Spiders and Owls and Bats – Boo! It’s Halloween!

Halloween is nearly here, and the fields and forests provide important actors in its production.

Squiggly Spiders

Ever notice that spiders seem to emerge just in time for Halloween? Little, medium, and huge, they run nimbly along webs of all shapes and sizes, waiting for a few last meals before Halloween’s chilling winds end their feasting. Why do so many of them have to spin their webs right across the trail where I happen to be walking – especially those little hard-shelled crab spiders with the spiny backs, and the gigantic orb weaving garden spiders that are so common in the fall? You’d think I’d learn to be more watchful, but no, I still come out of the woods festooned with gossamer webs, clawing them off and hoping their residents aren’t poised to journey down my neck.

Garden spiders, the most spectacular arachnids this time of the year, make webs that are up to four feet in diameter, suspended in areas where moths and other insects fly. Sticky beads dot the web, and when a hapless moth gets stuck in this trap, the spider runs quickly down to the struggling prey, injecting venom that kills the victim and dissolves its internal structures so the diner can drink it. (Heh! Heh! Heh!) As fall progresses, garden spiders fill a web sack the size of your thumb with hundreds of eggs and then, like the fabled Charlotte, die. In the spring, a mob of tiny newborn spiders will swarm out.

Hooty Owls

Halloween woods seem to be alive with owls. Walking through the woods one night, I saw the silhouette of a Great-horned owl sitting atop a telephone pole. I stood motionless, and so did he. I watched him, and he watched me. Then, stretching broad wings, he simply stepped off the pole and soared soundlessly straight at me. Believing firmly that I was a man and not a mouse, I stood my ground. His course didn’t deviate a degree. That blasted owl was headed straight for me! Determined that no durn flat-faced, rodent-eating bird was going to intimidate me, I didn’t move a muscle – until the last moment – when I suddenly realized I did have some mouse in me, and ducked. I chickened out, and I’m firmly convinced that huge owl with the big “ear” tufts, soared away laughing!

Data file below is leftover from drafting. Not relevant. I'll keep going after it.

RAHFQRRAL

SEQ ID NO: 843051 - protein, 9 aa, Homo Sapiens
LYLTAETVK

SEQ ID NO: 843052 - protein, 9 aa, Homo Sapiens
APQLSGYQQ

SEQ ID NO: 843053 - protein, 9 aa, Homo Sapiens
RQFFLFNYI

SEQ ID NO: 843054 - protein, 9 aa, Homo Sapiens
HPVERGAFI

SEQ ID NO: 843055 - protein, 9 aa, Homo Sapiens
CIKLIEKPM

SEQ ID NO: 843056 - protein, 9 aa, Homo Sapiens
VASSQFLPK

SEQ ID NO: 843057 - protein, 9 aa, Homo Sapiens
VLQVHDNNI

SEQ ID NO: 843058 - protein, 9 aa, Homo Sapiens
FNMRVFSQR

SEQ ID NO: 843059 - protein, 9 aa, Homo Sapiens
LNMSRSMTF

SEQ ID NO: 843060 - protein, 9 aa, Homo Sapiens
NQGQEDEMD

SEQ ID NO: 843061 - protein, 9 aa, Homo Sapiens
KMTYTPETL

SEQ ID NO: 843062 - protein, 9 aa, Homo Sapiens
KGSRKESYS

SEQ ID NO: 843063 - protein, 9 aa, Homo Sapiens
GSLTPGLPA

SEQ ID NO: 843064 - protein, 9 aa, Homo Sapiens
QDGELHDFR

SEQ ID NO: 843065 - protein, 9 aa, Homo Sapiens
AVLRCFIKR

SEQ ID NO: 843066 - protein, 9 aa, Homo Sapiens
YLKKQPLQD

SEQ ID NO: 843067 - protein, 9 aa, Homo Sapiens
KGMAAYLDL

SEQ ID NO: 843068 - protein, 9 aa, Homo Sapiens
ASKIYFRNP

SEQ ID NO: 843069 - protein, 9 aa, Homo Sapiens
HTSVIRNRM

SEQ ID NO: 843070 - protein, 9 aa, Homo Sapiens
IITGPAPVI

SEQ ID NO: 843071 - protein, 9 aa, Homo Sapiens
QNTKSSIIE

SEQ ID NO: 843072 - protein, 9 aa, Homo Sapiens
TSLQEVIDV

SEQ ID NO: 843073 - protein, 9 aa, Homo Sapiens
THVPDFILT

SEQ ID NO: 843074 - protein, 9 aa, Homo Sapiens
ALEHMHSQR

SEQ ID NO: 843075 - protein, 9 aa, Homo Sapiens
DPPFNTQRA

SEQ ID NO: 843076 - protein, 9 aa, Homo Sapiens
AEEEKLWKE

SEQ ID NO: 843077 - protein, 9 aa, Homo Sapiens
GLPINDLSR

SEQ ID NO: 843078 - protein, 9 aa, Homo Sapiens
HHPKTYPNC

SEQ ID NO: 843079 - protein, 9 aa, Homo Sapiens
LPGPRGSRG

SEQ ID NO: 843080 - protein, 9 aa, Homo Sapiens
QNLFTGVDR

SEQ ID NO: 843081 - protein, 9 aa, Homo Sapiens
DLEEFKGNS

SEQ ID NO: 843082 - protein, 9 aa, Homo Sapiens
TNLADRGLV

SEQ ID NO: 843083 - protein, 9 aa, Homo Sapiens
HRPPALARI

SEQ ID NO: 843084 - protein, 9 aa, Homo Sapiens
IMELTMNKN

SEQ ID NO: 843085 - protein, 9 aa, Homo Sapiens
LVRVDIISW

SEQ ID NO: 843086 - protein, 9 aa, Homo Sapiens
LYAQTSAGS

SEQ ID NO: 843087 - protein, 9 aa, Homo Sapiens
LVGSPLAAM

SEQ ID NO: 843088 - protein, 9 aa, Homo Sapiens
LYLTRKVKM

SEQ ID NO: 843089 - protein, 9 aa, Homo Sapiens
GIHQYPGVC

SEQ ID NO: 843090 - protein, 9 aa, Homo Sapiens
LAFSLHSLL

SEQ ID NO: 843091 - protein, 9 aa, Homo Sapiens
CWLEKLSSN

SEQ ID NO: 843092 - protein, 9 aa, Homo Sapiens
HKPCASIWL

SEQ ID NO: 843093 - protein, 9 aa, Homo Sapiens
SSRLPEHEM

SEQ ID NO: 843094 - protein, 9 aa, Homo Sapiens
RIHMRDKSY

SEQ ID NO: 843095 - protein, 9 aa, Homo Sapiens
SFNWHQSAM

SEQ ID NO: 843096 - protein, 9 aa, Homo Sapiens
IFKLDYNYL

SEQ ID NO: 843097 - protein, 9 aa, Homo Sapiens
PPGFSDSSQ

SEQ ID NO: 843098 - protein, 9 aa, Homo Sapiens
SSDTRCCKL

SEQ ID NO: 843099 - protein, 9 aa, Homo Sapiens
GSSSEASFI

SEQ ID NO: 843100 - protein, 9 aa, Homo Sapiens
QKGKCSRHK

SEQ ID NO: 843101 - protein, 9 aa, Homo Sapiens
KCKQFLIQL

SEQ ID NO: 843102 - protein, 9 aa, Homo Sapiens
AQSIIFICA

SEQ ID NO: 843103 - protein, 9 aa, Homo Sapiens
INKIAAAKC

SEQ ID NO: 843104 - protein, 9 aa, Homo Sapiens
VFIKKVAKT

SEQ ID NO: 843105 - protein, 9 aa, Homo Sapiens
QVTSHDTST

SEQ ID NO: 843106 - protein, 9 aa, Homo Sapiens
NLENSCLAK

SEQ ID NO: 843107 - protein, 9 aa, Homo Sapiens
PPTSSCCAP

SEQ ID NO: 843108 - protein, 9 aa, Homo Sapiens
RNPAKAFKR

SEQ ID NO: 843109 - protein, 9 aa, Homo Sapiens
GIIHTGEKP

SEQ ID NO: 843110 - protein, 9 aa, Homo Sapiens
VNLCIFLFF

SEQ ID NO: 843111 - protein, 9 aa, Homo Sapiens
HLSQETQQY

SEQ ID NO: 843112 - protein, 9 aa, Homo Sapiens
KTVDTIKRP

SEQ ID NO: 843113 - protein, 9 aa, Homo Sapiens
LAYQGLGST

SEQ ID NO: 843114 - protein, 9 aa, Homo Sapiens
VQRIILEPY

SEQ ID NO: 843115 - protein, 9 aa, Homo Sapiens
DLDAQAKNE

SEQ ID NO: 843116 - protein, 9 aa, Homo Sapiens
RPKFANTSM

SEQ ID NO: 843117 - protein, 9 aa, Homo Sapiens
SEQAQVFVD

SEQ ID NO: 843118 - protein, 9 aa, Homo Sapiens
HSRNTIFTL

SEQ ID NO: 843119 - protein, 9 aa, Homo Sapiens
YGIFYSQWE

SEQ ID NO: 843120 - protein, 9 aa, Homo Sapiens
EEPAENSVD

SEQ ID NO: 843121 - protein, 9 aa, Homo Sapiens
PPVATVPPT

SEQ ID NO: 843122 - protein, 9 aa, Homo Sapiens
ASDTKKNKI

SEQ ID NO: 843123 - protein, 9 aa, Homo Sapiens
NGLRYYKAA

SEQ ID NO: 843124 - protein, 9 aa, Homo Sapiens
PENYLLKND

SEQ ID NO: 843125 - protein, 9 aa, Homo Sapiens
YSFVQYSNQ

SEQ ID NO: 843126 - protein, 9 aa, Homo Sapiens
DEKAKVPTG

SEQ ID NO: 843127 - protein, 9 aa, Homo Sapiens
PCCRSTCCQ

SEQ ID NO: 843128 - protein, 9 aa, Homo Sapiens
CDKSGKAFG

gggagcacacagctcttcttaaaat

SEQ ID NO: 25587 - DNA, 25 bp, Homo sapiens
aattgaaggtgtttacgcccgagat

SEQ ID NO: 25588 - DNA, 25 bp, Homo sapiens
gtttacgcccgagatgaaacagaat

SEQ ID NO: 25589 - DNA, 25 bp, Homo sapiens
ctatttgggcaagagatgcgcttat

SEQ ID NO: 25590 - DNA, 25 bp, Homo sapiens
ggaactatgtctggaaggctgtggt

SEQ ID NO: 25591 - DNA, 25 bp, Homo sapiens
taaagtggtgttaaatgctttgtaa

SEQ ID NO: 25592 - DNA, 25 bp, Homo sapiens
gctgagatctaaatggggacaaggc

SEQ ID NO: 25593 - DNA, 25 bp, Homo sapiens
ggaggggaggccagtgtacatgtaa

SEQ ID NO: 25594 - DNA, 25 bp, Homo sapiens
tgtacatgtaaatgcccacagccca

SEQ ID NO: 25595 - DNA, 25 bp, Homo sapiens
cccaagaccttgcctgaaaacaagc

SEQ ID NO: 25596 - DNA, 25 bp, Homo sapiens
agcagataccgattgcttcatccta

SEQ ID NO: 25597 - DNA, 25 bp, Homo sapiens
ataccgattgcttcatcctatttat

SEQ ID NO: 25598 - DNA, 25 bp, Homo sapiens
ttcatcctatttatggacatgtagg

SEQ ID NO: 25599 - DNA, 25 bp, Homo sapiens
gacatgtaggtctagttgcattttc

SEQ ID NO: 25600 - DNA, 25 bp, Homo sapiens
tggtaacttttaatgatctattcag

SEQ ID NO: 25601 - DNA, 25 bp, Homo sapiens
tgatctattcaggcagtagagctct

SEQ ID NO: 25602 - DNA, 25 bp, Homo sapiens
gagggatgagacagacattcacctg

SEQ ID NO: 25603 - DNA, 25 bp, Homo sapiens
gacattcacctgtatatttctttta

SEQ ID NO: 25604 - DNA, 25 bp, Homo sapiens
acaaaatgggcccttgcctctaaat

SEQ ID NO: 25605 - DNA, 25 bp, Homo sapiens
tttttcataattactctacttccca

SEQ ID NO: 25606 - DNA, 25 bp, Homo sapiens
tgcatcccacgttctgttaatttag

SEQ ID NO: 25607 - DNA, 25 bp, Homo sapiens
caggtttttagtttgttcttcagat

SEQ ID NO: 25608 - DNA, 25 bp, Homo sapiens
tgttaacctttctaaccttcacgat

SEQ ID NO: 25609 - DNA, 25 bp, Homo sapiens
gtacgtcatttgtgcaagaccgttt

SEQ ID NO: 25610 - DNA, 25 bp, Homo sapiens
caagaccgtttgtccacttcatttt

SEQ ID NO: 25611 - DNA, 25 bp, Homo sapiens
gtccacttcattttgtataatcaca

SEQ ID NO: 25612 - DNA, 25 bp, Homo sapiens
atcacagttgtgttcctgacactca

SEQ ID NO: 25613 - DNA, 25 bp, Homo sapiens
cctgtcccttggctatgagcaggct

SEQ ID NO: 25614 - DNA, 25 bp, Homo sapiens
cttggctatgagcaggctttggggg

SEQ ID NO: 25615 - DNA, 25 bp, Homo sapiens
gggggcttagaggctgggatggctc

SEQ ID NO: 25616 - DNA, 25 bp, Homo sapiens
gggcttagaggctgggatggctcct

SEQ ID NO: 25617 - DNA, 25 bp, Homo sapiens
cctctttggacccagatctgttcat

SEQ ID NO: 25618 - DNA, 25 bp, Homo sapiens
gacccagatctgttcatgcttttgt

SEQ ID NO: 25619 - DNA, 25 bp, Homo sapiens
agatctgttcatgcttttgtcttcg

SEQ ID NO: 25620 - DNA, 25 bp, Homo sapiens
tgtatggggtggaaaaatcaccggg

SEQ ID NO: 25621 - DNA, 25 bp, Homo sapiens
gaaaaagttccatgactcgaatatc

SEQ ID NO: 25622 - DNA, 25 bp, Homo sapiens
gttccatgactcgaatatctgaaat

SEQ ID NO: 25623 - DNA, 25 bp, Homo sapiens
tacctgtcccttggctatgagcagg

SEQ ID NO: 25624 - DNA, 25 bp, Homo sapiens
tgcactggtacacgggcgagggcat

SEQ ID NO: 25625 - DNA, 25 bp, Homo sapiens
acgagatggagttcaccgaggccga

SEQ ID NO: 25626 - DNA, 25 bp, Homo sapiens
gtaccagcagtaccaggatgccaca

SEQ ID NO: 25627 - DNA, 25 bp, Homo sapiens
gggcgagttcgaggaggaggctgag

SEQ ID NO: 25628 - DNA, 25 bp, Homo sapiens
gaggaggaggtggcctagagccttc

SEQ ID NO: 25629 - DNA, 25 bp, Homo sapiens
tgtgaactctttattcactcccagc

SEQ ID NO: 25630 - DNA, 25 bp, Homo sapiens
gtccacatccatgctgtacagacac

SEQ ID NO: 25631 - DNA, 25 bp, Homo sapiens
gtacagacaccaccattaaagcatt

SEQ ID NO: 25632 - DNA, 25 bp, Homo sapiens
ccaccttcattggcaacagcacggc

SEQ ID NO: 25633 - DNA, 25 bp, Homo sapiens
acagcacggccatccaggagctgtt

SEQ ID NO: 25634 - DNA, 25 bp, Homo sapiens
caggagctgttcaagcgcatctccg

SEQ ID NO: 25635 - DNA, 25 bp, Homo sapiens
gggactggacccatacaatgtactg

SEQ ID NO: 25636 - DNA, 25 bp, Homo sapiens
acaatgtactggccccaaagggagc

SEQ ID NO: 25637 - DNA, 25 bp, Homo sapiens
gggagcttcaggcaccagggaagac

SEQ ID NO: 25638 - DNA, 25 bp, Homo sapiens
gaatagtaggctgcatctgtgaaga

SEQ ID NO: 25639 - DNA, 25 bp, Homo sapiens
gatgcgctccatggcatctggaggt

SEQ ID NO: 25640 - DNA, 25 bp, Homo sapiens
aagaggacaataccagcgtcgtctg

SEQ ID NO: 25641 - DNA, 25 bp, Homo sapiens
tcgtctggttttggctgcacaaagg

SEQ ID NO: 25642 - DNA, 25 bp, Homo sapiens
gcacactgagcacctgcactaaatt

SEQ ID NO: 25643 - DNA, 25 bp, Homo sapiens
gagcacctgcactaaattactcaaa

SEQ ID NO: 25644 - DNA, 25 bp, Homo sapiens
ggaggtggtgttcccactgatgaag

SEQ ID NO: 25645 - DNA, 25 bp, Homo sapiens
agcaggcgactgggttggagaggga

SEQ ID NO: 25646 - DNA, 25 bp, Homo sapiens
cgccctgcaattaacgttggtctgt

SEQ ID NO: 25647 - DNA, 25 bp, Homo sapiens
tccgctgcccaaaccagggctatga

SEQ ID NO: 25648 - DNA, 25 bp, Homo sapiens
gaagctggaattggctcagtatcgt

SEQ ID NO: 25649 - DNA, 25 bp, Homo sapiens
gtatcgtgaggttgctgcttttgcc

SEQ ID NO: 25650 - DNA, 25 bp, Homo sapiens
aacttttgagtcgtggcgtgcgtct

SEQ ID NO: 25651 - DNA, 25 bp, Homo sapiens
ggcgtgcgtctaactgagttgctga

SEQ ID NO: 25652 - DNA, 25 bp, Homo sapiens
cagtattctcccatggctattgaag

Great-horned owls are as large as some of our largest hawks – 18-25 inches tall, and wonderfully adapted for their jobs. Their huge, extremely light-sensitive eyes are mounted on the front of their head, making them look a little like a cat, and giving them excellent visual depth perception. Their hearing is quite sensitive and the slightest scurry attracts their attention. Their head can swivel almost all the way around, like it was slowly unscrewing. Their feet are powerful and armed with long, sharp claws. Finally, the wind over their wings is silenced by specially adapted fringe-edged feathers, fitting them perfectly for stealth flights. Besides, they look just plain spooky and at Halloween their deep resonant hooting calls strike fear into the hearts of both mice and men.

Bats in Your Belfry?